Relaxation as a Goal

Forget All Your Stresses— Three New CDs Can Help Make This Task Doable

When it’s time to kick back and relax…. turn off the TV and try one of these outstanding new musical releases that are off the beaten path.


Atlantis—A Symphonic Journey

by David Arkenstone


Prolific new age composer, David Arkenstone’s latest is an upbeat, orchestral journey to the lost continent, much like a film score. The small orchestra is augmented by a colorful assortment of ethnic instruments, guitars, and synthesizers, topped off with background vocals by the legendary Miriam Stockley.

I’m impressed with both the compositions and the quality of the recording. After sixteen or so releases, this is, by far, Arkenstone’s best work.

The melodies are memorable, the arrangements are tasteful and the live performances are excellent. Tempos vary from moderate to lively and the CD relies heavily upon ethnic influences. In the liner notes he acknowledges ‘inspiration’ from composers, Jerry Goldsmith, John Williams and Sergei Prokofiev, to name a few.

Although film-like, the music maintains a ‘positive’ feel throughout. There are no dark or suspenseful pieces. It’s a little moody and exotic at times, but mostly positive and inspiring.

David Arkenstone obviously enjoyed all the details of making this a “concept album.” Unlike George Winston (see below), Arkenstone chose related song titles, background stories and artwork to bring his concept to life in the mind of the listener. A few notable titles include: The Dream of the Gods, Jewel of the Sea and The Temple of Poseidon.

Atlantis by David Arkenstone is worth hearing again and again.

To order call 1-800-767-4748



Montana—A Love Story

by George Winston

Windham Hill

George Winston’s new solo piano CD is pleasingly diverse. A variety of styles and eras from traditional to the slightly dissonant strains of Frank Zappa’s “The Little House I Used To Live In” comprise the seventeen selections.

The mood is low key, relaxed and thoughtful. The piano sound is perfect. Overall, this is an excellent recording. But with a title like: Montana—a Love Story, I couldn’t help being a bit confused when I found only a few scattered references to Montana in the liner notes and song titles. And in the entire twelve-page booklet there was absolutely no explanation of what the Love Story is all about.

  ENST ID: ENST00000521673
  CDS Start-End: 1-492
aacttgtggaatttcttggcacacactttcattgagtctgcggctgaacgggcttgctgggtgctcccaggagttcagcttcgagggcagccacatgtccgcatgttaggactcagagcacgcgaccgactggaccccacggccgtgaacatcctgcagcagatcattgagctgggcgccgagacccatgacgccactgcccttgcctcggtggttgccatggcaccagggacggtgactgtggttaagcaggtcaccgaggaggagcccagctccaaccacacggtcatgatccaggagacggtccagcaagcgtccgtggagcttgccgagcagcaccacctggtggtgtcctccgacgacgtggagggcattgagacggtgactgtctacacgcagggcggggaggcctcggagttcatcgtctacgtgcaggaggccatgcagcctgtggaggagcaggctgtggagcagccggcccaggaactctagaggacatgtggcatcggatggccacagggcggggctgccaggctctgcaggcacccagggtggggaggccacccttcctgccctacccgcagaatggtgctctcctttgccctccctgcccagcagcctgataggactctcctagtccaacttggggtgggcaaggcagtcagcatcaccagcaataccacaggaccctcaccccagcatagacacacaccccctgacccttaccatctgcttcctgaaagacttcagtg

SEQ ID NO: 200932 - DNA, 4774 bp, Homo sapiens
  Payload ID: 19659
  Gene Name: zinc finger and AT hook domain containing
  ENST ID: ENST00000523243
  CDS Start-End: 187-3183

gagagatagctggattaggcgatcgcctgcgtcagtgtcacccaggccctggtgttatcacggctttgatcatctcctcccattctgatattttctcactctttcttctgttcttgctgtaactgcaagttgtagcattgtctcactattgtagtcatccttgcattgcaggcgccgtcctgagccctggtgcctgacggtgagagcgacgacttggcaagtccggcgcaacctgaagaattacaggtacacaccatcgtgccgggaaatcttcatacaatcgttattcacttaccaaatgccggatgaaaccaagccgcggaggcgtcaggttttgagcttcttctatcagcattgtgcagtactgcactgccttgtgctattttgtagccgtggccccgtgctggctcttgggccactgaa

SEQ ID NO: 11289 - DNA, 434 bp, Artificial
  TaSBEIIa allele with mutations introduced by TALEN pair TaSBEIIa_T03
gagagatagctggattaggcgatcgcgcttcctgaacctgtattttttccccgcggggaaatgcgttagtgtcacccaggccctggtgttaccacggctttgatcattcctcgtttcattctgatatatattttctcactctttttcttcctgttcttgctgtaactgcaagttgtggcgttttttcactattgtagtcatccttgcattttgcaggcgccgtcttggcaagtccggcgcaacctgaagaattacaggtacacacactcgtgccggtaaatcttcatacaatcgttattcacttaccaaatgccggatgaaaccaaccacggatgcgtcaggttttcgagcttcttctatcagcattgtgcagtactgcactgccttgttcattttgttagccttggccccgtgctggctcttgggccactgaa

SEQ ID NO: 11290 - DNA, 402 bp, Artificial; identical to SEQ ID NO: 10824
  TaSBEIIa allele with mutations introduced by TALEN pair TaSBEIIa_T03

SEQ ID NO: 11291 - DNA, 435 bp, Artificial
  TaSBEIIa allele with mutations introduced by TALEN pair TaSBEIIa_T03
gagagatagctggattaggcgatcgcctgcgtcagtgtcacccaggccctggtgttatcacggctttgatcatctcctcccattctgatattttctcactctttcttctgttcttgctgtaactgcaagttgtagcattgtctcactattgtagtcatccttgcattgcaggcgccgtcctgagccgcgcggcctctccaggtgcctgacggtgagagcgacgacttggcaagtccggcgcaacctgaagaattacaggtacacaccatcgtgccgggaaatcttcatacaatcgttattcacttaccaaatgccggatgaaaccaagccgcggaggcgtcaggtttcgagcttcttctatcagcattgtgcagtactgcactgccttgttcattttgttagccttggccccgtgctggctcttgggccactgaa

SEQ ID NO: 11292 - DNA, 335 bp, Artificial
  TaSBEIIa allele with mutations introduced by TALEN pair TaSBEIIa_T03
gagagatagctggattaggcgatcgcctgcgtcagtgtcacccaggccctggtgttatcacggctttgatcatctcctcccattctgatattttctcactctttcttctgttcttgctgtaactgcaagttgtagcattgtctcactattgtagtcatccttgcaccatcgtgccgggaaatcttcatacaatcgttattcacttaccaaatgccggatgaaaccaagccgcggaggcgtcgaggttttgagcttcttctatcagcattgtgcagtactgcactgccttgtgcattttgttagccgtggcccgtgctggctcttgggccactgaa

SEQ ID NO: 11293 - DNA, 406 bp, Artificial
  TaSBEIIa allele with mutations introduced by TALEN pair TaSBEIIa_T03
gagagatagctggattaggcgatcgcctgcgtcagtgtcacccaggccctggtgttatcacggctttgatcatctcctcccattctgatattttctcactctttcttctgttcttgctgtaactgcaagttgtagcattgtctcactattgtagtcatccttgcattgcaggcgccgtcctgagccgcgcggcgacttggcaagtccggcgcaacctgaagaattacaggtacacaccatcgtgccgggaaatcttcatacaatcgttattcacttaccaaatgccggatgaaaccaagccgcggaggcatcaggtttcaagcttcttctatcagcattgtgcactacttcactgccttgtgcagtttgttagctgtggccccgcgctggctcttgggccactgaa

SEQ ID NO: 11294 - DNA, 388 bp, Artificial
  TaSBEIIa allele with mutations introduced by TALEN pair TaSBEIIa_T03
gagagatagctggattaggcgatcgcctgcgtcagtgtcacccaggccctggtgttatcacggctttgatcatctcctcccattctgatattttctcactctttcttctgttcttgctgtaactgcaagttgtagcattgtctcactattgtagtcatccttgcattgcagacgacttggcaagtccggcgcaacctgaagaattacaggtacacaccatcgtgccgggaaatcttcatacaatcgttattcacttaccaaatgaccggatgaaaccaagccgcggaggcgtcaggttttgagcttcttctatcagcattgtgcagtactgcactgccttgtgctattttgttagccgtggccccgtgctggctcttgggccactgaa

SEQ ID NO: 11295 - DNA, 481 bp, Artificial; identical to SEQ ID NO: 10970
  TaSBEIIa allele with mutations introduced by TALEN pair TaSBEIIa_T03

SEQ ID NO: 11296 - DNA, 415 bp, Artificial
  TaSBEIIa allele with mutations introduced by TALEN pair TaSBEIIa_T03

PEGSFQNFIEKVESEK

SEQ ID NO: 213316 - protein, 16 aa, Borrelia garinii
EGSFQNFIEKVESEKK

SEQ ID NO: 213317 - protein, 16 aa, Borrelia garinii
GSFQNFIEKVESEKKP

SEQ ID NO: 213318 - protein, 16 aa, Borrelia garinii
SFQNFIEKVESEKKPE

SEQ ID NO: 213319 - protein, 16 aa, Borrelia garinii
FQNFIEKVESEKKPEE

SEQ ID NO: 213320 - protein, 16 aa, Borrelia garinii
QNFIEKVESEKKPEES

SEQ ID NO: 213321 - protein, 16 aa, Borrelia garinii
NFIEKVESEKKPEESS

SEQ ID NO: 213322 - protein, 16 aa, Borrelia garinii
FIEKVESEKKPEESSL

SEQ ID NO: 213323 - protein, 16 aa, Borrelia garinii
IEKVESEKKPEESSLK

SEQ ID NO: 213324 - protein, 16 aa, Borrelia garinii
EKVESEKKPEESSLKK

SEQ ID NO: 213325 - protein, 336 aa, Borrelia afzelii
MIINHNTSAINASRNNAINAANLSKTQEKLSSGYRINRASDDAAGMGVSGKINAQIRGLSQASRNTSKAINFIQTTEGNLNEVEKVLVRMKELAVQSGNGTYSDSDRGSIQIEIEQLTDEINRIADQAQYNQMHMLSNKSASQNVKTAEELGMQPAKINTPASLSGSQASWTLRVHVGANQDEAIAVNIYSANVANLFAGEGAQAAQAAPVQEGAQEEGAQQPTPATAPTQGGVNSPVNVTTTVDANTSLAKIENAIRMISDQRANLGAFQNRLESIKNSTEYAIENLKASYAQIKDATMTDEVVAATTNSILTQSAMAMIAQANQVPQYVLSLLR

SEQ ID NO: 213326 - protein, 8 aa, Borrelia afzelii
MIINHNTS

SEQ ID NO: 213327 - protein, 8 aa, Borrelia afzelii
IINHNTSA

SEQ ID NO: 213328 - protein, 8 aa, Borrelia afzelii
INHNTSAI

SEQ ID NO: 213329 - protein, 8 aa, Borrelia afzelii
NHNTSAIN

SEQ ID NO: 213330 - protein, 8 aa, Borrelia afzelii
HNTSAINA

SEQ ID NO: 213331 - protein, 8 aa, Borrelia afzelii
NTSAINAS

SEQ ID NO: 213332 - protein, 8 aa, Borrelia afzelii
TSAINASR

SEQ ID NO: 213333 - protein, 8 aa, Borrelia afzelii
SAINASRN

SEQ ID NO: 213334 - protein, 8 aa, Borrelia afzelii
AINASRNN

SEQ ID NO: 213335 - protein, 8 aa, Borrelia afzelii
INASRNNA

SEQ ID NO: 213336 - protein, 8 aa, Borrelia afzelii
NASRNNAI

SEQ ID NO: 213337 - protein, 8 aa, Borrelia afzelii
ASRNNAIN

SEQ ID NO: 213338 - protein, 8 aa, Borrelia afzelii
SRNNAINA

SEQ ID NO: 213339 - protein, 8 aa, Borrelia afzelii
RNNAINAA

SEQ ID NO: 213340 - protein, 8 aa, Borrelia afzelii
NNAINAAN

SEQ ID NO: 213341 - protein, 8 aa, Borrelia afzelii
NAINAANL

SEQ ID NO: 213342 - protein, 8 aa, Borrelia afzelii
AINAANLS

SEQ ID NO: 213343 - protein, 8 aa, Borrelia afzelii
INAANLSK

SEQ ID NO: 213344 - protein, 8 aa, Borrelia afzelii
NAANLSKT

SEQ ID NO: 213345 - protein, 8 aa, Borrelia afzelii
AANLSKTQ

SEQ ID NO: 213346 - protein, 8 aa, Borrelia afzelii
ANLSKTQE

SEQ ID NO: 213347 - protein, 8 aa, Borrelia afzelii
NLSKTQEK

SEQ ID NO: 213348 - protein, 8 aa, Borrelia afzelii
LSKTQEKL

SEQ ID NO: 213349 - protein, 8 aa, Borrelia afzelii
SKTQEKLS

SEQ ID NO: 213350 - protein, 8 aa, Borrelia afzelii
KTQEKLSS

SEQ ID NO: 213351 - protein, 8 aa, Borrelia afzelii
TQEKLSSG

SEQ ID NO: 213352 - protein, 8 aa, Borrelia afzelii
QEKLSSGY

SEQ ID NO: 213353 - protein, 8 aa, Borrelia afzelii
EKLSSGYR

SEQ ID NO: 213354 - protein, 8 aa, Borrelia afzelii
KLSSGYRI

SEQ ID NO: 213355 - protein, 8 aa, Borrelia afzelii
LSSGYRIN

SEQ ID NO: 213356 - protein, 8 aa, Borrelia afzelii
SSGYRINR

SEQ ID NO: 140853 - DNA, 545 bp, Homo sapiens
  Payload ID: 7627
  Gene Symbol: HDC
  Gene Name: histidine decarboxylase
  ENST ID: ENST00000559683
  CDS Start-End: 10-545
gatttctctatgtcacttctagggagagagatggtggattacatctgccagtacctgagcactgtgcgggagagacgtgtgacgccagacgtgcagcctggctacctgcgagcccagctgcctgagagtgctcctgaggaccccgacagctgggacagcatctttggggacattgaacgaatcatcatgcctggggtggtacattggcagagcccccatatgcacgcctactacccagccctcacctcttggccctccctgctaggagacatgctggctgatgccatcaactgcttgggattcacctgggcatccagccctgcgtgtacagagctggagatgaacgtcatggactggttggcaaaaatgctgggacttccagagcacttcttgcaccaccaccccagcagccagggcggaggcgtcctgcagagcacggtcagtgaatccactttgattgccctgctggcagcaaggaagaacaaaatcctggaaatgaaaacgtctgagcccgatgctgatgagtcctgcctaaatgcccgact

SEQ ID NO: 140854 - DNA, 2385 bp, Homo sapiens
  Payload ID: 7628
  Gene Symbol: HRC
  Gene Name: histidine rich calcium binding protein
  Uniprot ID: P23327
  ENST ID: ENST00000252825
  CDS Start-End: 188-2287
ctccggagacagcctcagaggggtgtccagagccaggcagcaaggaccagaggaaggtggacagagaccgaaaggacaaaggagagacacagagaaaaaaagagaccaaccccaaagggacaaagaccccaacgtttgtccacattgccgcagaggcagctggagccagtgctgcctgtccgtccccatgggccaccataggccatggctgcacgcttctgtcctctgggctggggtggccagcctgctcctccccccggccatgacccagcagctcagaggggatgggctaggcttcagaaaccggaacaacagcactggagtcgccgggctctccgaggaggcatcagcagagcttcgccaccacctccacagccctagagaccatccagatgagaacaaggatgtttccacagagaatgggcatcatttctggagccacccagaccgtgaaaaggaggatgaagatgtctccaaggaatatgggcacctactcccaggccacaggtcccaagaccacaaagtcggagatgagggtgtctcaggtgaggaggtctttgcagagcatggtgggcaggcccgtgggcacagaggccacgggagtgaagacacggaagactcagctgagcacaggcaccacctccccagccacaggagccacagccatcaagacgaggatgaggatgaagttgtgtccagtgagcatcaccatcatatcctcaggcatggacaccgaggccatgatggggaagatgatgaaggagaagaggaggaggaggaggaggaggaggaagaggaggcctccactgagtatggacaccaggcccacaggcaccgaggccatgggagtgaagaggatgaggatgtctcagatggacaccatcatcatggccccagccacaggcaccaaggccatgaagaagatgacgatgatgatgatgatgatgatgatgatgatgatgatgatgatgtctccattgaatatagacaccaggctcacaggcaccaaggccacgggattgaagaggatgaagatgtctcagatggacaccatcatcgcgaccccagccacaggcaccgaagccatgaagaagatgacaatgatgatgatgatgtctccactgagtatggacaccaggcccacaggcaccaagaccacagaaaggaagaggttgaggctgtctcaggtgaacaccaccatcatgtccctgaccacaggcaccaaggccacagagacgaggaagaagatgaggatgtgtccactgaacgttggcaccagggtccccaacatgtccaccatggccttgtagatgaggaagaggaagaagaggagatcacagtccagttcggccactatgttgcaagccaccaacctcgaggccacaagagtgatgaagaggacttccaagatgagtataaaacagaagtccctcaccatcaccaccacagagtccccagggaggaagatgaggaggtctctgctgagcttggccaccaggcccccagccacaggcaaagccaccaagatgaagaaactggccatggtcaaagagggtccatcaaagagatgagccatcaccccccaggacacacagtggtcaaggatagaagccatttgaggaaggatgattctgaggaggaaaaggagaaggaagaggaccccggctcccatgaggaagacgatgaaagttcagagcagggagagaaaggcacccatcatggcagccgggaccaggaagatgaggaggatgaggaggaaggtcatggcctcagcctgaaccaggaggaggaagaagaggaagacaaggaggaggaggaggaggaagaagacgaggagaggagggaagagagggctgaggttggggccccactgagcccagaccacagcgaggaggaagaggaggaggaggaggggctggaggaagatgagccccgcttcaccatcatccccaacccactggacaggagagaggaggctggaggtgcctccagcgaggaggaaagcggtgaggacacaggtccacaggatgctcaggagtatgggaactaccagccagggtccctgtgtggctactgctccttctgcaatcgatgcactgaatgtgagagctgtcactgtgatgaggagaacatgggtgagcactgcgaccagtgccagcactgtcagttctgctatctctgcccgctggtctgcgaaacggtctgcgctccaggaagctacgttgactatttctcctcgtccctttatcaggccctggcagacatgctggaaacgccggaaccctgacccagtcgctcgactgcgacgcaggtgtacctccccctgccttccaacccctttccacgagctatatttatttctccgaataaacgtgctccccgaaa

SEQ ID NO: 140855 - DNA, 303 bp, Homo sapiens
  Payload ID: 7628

OK, it’s a CD—not a book. The music is good and I’d listen to it by any other name. The performances have a peaceful quality, which is an appropriate accompaniment to the lush desert landscapes outside my window. Winston’s playing on this recording is less busy than some of his earlier CDs. This one’s for chillin’ out. I wouldn’t recommend it for massage or bodywork, but it’s great for relaxing background music.

He does a solo piano arrangement of one of my favorite compositions, Kojo No Tsuki, written around 1900 by the Japanese composer, Rentaro Taki. James Galway recorded this many years ago with a string orchestra on a CD called “Songs of the Seashore.” It’s a sublime piece of music in any version.

To order call 1-800-767-4748



Liquid Mind VII—Reflection

Real Music

This one is for deep relaxation only. Composer, Chuck Wild continues his series of ultimate de-stressing CDs that are ideal for massage or meditation. The music is s-l-o-w and ethereal, instantly quieting the nerves and subtly uplifting the spirit.

There are no drums, no real melodies to hum along with…just a soothing, gentle series of synthesizer chords with enough motion and texture to keep it musical. The sound is similar to a distant string orchestra in a large cathedral with a soft choir.

Don’t let the word ‘synthesizer’ scare you. This is not like the impersonal electronic soundscapes you hear on some labels. It’s warmer, friendlier and much more nurturing.

This is a very specific style of music. The label should read: ‘for deep relaxation only.’ For anything else… it will be neither effective nor enjoyable.

But for this, it is perfect.

To order call 1-800-767-4748


Rob Resetar lives in Tucson, Arizona with his television and a small cactus plant. He can be contacted by email at:

By Robert J. Resetar